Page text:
ALEXANDRIA, Va.—The U.S. Food and Drug Administration is exploring the safety of legal cannabis-infused food and supplements and will eventually create a set of recommendations on how to regulate cannabis-derived products in the coming months, reports the Wall Street Journal.
The agency is studying the long-term impacts of daily use of CBD, whether it can be safely consumed during pregnancy and other usages. The agency is also concerned about CBD’s impact on future fertility, according to Patrick Cournoyer, who is in charge of developing the agency’s cannabis strategy.
“Given what we know about the safety of CBD so far, it raises concerns for FDA about whether these existing regulatory pathways for food and dietary supplements are appropriate for this substance,” FDA Principal Deputy Commissioner Janet Woodcock told the Journal.
CBD is legal, thanks to the 2018 Farm Bill that legalized hemp, but the FDA is in charge of regulating hemp products. However, many companies that manufacture CBD products have operated without specific guidelines on production and marketing, while some states have moved forward ahead of the FDA with their own rules on these products.
The FDA does say that CBD and similar chemicals are not allowed in foods and marketed as supplements, but that has not stopped the cannabis-derived product market from proliferating. The market was worth $4.6 billion in 2021 and was expected to quadruple by 2026.
(Read What’s New With CBD? for a primer on the regulatory space in NACS Magazine.)
Within months, the agency plans to decide how legal cannabis should be regulated and whether these standards will require new agency rules or new legislation from Congress, agency officials told the Journal.
“I don’t think that we can have the perfect be the enemy of the good when we’re looking at such a vast market that is so available and utilized,” Norman Birenbaum, a senior adviser in the agency working on the issue, told the Journal. “You’ve got a widely unregulated market.”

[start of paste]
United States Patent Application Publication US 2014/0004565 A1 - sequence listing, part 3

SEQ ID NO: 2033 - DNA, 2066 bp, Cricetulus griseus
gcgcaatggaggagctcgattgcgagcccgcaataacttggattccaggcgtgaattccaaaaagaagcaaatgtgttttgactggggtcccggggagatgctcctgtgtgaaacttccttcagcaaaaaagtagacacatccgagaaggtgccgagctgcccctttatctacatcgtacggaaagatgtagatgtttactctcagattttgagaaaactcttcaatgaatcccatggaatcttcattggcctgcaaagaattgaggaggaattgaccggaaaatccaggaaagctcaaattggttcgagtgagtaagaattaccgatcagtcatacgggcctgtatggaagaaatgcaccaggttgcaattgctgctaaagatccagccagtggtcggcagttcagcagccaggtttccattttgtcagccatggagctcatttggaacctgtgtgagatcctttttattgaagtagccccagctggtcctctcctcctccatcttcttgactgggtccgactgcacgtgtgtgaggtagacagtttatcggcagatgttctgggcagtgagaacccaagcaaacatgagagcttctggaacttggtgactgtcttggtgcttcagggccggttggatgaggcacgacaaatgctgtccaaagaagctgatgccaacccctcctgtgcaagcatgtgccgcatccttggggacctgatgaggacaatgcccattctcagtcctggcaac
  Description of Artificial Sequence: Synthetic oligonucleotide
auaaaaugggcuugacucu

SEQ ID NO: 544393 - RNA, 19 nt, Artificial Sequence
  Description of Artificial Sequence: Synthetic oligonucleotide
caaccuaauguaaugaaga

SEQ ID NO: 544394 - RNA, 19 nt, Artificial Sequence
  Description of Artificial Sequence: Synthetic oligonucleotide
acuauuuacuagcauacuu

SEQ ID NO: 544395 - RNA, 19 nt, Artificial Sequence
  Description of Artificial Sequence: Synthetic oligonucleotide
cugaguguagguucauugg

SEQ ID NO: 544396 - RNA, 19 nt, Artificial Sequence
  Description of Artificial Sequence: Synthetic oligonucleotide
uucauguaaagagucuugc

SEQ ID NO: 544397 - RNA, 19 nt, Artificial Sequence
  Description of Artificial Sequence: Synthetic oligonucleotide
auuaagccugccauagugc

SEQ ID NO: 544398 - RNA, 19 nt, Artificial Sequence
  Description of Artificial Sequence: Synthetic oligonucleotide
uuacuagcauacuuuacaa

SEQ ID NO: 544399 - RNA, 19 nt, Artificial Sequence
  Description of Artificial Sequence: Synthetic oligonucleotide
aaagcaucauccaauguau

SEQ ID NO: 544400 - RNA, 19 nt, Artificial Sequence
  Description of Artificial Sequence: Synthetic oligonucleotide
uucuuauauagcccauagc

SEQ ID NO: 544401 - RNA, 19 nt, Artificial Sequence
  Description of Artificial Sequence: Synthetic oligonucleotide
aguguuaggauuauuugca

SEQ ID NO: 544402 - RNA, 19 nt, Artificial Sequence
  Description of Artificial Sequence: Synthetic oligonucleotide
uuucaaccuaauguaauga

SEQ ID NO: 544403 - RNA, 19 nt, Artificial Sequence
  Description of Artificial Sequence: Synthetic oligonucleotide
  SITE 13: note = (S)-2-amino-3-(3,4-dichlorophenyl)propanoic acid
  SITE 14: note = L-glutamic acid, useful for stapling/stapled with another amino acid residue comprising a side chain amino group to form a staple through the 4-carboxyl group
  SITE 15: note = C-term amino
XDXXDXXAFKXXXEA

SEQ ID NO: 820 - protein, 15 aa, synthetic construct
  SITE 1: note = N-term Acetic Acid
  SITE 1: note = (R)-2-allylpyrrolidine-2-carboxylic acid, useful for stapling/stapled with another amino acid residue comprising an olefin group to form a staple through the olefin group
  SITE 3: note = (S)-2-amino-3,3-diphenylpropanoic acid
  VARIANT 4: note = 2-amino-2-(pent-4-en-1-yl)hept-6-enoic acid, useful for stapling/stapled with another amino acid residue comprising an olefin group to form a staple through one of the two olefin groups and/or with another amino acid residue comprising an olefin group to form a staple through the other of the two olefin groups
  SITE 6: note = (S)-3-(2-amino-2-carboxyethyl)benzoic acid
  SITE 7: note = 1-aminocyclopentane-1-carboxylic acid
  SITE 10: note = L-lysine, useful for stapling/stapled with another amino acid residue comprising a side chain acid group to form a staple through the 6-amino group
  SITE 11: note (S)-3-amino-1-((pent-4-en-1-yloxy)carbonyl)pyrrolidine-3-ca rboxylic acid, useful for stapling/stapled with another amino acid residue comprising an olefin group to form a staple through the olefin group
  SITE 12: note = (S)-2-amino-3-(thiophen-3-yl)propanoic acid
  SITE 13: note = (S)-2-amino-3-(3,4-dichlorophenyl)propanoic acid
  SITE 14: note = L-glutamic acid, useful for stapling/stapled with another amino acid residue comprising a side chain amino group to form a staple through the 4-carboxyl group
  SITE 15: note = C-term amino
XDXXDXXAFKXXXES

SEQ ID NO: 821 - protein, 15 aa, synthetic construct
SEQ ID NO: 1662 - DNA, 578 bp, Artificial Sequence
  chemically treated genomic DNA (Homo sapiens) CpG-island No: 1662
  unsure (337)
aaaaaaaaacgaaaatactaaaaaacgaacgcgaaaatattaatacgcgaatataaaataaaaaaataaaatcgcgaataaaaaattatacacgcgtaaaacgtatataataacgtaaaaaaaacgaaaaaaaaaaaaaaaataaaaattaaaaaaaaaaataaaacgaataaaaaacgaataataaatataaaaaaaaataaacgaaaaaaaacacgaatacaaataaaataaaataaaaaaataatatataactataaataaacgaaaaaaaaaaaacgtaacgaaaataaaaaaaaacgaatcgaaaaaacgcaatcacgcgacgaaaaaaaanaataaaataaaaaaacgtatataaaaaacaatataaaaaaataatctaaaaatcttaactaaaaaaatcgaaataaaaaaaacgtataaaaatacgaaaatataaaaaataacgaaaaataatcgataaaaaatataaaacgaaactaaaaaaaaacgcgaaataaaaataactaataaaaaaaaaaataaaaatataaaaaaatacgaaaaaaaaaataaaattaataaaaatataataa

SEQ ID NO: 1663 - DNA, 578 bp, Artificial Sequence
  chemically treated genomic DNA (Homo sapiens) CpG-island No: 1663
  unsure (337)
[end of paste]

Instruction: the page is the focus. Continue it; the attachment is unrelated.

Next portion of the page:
According to the National Institutes of Health, cannabinoid research is in its early stages. The studies are looking to see how CBD works on the body and its potential ability to relieves pain, but some evidence suggests that it can be harmful to some people.
Some companies are waiting until the agency gives formal direction on the regulation of CBD before they bring products to market.
“We still have members that want to get into this space, but they want to do it legally,” Roberta Wagner, vice president of regulatory and technical affairs at the Consumer Brands Association, told the Journal.
The chemical known as delta-8, and other new cannabinoids, have complicated the agency’s efforts, as these products meet the definition of legal cannabis but are intoxicating and have led to concerns for the agency, according to Birenbaum. Delta-8 is one of over 100 cannabinoids produced in the cannabis sativa L. plant but is not found naturally in significant amounts.
“Over the last year and a half, we have seen a whole host and cadre of intoxicating hemp derived cannabinoids come up,” said Birenbaum told the Journal. “There are very, very different regulatory considerations for products that are going to intoxicate you.”
In May, the FDA issued warning letters to five companies for selling products labeled as containing delta-8 in ways that violate the Federal Food, Drug and Cosmetic Act. This is the first time FDA has issued warning letters for products containing delta-8 THC.
“Delta-8 THC has psychoactive and intoxicating effects and may be dangerous to consumers. The FDA has received reports of adverse events experienced by patients who have consumed these products,” wrote FDA in the release.
FDA officials say it is focusing its enforcement on products that are an immediate threat to public health, such as CBD gummies that could be accidentally eaten by kids. Birenbaum said the agency wants to educate consumers about potential health consequences of cannabis and the products’ varying quality.
“The safety profiles around these products are not what they are generally accustomed to and not the same as what they get from other products when they walk into a wellness store or grocery store or even a gas station,” he told the Journal.
Visit the NACS CBD and Cannabis topics page for news and legal information on the sale of CBD and CBD-related products. The NACS Sales of CBD and Related Products resource is designed to help retailers navigate the gray areas around the sale of these products.